CA Highway Patrolmen Share Nude Cell Photos of Female DUI Suspects

CA Highway Patrolmen Share Nude Cell Photos of Female DUI Suspects

A California Highway Patrol officer confessed to investigators that he and fellow officers have been sharing nude cell phone photos of suspected female DUI suspects.

According to search warrant records obtained by the Contra Costa Times, CHP Officer Sean Harrington, 35, of Martinez has admitted that he sent nude pictures of female DUI suspects from their cell phones directly to his phone. Moreover, he admitted that the practice of sending and sharing the nude images has gone on for years among CHP officers from its Los Angeles office to his own Dublin station.

A Contra Costa District Attorney investigator has recommended felony computer theft charges against Harrington, who according to the search warrant said that it is a “game” among officers.

CHP Commissioner Joe Farrow said in a statement that “The allegations anger and disgust me,” and added that he expects the “highest levels of integrity and moral strength from everyone in the California Highway Patrol, and there is no place in our organization for such behavior.”

The Times further reported that, because of the police officers’ behavior, Contra Costa County prosecutors say that the conduct of the officers could undermine any criminal cases in which they are witnesses. So far, none of the officers involved have been indicted.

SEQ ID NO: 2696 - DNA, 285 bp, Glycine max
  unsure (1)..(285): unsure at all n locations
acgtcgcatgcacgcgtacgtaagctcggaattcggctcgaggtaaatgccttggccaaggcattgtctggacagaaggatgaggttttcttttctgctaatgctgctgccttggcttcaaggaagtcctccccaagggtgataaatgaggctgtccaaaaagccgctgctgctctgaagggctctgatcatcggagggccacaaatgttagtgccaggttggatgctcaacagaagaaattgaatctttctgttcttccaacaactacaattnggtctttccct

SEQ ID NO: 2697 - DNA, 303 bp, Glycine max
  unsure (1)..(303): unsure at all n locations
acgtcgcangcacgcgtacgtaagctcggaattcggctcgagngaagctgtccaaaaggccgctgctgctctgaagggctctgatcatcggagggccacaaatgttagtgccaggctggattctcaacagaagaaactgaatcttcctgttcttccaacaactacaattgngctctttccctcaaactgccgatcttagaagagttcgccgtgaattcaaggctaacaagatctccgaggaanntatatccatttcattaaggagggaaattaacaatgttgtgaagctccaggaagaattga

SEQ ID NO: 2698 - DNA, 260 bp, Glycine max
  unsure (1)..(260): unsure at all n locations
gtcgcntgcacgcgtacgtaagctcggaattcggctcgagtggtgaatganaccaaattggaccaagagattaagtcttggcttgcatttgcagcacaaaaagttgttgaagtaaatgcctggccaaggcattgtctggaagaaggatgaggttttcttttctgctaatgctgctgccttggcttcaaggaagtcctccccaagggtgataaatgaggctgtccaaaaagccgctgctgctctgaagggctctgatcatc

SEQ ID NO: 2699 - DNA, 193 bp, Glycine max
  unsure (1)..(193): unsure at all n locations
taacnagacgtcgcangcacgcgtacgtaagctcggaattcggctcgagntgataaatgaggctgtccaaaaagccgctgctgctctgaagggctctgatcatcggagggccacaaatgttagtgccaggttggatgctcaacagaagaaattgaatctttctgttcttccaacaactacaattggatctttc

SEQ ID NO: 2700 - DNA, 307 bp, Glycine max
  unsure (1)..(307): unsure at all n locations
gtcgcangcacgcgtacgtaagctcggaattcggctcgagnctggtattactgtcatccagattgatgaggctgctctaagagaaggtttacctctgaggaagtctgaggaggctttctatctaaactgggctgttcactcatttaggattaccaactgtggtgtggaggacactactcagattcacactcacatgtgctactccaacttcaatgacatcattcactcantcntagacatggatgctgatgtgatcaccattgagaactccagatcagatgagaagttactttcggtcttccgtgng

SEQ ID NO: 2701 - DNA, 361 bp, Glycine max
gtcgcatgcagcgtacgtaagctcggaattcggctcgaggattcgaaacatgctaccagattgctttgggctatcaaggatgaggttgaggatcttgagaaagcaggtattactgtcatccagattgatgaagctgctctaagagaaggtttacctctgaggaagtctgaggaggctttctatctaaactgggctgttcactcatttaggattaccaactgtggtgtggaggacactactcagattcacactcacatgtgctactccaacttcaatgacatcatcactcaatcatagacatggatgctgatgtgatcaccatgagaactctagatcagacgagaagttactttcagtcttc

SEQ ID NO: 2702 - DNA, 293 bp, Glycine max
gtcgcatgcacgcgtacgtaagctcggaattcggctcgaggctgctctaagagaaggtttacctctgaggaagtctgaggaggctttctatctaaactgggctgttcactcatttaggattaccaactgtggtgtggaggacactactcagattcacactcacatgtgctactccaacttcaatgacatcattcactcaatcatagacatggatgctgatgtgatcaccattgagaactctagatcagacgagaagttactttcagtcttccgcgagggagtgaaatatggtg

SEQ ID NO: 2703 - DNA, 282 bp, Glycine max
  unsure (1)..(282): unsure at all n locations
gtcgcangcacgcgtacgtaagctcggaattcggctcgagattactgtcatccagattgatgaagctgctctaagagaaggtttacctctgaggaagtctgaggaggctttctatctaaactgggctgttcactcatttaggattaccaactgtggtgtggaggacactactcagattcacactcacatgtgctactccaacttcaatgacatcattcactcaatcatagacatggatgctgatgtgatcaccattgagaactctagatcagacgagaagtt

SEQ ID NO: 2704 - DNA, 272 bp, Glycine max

Rick Madsen, the attorney for a 23-year-old San Ramon woman, who first reported that Harrington had forwarded her cell phone photos, claims that the allegations are “far-reaching and very damaging.” The unidentified woman had noticed on her iPad that some of her photos had been sent to an unknown phone number. Harrington allegedly erased the forwarded photos from the phone but didn’t realize that the cell phone had been linked to the iPad. 

“The callousness and depravity with which these officers communicated about my client is dehumanizing, horribly offensive, and degrading to all women,” Madsen asserted. “It’s going to lead to another level of mistrust and skepticism to the motive of law enforcement in general.”


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